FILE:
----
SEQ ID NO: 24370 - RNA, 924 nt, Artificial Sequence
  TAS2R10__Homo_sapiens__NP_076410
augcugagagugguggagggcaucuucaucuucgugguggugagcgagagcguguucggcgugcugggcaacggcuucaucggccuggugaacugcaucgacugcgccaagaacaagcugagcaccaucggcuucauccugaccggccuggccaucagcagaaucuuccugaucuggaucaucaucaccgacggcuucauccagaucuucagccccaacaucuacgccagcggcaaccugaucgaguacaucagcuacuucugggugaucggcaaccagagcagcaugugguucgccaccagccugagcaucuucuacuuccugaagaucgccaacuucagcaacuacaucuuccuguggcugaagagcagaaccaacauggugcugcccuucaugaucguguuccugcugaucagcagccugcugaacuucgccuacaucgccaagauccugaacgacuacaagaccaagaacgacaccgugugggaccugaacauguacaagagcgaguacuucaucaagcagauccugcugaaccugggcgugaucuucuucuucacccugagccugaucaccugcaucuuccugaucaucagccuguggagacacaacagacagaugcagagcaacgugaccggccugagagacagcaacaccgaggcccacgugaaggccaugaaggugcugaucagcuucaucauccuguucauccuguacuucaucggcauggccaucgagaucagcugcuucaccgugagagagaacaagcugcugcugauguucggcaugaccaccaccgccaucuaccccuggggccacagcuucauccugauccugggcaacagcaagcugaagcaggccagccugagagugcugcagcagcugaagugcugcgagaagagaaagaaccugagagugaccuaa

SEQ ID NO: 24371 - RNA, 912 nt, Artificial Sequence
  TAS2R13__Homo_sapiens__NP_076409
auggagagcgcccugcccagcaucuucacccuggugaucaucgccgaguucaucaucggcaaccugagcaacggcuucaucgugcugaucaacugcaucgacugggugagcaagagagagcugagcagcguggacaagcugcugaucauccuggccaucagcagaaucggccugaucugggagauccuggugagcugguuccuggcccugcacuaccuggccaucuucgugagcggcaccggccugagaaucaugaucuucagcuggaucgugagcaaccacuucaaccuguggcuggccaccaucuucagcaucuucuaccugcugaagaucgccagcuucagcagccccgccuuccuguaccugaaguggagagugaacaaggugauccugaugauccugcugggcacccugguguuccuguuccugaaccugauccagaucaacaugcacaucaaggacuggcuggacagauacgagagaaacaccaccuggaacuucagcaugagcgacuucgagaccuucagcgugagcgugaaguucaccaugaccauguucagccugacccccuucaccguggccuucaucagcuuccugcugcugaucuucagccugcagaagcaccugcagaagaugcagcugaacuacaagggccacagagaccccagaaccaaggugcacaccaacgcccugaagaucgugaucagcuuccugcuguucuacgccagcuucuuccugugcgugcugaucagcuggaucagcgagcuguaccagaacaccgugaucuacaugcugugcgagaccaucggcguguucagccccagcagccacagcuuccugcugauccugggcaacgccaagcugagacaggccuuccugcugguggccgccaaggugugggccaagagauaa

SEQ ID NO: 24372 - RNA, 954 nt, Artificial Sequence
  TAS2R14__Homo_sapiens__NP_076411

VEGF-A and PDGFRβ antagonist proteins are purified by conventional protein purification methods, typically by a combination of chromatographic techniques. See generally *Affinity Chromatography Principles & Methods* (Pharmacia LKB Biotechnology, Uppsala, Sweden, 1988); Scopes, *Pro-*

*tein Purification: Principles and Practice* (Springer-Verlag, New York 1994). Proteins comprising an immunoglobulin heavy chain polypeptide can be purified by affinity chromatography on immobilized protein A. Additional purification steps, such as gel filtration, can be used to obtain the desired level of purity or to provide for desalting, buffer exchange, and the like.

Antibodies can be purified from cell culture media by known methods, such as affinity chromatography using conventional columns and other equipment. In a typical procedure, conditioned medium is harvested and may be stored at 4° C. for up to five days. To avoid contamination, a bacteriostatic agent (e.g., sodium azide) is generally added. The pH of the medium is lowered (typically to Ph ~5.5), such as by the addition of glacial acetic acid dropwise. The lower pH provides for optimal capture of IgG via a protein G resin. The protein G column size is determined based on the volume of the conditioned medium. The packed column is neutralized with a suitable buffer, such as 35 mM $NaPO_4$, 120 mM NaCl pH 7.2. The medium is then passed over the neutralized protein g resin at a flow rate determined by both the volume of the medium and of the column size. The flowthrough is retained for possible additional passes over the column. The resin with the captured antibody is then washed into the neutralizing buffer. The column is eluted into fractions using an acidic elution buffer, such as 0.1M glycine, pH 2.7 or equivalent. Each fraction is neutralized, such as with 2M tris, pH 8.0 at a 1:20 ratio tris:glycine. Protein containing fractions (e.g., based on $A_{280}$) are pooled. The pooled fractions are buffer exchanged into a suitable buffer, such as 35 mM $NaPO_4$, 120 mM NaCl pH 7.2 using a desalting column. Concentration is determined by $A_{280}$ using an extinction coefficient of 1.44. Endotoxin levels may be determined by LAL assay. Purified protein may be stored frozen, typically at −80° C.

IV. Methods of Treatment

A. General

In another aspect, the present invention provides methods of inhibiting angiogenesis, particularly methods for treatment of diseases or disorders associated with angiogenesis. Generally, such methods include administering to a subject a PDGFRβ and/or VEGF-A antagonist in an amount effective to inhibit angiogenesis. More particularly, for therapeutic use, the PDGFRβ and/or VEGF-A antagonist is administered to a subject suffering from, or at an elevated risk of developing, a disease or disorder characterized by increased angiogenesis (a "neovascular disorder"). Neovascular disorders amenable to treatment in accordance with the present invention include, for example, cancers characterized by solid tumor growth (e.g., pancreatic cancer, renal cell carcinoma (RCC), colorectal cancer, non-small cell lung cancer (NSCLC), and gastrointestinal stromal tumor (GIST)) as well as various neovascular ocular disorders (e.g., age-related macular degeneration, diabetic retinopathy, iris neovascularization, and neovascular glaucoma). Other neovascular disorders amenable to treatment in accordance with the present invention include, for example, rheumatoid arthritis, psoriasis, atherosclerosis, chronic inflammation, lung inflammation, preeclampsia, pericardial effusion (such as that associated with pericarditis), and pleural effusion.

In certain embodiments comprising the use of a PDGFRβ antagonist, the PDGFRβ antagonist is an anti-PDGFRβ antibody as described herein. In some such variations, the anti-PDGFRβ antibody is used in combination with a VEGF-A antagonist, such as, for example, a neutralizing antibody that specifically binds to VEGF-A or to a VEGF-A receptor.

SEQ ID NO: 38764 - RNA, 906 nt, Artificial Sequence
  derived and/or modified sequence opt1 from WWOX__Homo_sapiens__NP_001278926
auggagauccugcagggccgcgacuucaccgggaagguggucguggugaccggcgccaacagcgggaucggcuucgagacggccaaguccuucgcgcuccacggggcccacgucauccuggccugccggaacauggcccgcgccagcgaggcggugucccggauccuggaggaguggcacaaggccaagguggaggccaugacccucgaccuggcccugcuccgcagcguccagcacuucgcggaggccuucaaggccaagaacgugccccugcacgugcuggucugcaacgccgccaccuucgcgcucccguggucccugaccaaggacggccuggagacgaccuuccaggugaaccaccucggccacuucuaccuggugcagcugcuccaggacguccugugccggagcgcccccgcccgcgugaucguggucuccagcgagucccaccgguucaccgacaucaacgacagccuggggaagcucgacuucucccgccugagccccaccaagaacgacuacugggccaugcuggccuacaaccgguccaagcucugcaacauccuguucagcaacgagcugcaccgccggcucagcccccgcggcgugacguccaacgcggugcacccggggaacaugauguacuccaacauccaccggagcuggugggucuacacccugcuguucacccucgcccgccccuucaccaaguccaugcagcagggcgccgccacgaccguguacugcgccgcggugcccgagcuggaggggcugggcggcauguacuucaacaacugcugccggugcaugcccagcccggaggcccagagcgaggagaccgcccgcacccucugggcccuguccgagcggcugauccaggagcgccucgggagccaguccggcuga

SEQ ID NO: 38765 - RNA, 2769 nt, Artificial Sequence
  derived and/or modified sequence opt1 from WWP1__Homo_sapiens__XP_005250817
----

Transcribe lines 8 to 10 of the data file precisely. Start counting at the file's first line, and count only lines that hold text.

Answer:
  TAS2R14__Homo_sapiens__NP_076411

VEGF-A and PDGFRβ antagonist proteins are purified by conventional protein purification methods, typically by a combination of chromatographic techniques. See generally *Affinity Chromatography Principles & Methods* (Pharmacia LKB Biotechnology, Uppsala, Sweden, 1988); Scopes, *Pro-*

*tein Purification: Principles and Practice* (Springer-Verlag, New York 1994). Proteins comprising an immunoglobulin heavy chain polypeptide can be purified by affinity chromatography on immobilized protein A. Additional purification steps, such as gel filtration, can be used to obtain the desired level of purity or to provide for desalting, buffer exchange, and the like.